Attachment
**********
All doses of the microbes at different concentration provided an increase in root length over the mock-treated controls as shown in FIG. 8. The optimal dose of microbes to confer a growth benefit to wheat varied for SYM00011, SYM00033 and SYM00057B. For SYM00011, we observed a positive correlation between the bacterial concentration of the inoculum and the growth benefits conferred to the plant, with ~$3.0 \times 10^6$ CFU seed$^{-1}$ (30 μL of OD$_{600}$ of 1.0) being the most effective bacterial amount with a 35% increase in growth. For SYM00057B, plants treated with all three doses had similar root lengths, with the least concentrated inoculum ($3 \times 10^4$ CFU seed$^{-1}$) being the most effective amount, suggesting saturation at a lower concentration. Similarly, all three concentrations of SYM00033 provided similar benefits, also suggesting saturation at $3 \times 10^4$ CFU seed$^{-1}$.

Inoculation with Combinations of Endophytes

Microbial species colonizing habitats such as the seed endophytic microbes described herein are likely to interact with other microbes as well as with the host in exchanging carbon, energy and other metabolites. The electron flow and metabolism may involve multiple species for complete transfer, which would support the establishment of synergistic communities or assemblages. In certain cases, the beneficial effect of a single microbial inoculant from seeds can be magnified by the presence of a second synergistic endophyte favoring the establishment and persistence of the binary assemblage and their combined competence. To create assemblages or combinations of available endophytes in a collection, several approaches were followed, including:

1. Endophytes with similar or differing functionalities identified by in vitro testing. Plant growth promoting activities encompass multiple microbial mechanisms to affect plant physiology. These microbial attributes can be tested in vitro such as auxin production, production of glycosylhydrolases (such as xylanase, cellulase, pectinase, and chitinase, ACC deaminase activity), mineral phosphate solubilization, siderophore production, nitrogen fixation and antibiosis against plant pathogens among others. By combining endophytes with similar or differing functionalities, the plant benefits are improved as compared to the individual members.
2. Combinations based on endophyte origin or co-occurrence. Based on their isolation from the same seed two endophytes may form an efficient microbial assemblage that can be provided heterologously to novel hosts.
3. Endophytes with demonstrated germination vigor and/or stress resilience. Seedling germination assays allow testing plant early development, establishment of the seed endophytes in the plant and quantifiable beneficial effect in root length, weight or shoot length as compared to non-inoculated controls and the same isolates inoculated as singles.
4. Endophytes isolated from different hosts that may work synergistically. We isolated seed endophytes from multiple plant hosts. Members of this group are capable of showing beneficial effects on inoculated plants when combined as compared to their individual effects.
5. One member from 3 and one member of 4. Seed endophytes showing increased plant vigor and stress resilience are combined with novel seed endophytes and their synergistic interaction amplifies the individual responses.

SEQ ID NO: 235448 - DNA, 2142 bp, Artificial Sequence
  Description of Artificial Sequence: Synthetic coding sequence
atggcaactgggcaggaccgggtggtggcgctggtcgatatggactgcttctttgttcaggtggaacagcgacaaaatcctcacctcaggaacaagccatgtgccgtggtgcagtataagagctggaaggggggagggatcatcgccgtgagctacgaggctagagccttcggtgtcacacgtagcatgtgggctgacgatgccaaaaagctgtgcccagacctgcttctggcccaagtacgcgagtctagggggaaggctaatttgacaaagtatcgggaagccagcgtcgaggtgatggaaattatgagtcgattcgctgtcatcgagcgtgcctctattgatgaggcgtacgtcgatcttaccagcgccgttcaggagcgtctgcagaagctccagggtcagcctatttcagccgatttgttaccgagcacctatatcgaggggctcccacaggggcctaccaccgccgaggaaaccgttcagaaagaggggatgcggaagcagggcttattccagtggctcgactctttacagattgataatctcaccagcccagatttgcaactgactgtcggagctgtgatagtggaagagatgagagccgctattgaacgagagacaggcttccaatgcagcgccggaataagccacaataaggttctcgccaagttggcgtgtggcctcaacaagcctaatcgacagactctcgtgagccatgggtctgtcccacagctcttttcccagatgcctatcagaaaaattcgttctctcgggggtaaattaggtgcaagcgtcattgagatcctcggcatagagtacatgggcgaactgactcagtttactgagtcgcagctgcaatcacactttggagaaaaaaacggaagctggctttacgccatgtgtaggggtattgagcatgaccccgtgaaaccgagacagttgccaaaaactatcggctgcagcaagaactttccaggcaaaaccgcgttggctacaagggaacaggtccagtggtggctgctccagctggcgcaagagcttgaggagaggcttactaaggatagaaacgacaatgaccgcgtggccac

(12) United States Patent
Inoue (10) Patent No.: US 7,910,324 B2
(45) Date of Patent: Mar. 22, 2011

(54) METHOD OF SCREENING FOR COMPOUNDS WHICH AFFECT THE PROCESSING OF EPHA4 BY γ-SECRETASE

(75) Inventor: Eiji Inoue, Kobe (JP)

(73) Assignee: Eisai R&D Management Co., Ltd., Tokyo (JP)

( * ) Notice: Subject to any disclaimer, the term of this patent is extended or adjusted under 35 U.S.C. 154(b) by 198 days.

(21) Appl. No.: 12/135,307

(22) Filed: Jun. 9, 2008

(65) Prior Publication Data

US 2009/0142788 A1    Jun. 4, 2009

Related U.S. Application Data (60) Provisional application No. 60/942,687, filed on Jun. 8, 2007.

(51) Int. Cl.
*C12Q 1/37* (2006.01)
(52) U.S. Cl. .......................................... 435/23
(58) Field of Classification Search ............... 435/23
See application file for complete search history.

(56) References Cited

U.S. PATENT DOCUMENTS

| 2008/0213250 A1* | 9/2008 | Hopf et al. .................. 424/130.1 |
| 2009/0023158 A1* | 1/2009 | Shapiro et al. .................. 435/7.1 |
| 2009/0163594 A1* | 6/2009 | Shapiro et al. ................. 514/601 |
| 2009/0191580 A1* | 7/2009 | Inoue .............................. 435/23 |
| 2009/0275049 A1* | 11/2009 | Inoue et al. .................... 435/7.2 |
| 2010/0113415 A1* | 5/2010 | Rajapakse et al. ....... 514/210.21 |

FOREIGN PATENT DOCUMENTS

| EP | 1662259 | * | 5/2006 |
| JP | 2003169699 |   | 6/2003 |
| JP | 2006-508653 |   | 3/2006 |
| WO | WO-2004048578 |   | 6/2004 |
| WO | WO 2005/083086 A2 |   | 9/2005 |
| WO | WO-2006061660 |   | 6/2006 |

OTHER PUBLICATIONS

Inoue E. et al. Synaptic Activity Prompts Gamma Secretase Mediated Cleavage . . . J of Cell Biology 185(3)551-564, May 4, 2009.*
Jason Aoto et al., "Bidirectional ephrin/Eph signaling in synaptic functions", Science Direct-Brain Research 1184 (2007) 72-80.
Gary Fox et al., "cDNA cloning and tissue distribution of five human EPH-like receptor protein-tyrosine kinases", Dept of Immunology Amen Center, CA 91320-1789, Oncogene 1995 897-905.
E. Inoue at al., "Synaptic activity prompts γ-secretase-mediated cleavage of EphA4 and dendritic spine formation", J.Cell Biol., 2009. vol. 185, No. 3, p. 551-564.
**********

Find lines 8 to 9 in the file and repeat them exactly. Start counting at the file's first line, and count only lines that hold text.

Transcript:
5. One member from 3 and one member of 4. Seed endophytes showing increased plant vigor and stress resilience are combined with novel seed endophytes and their synergistic interaction amplifies the individual responses.

SEQ ID NO: 235448 - DNA, 2142 bp, Artificial Sequence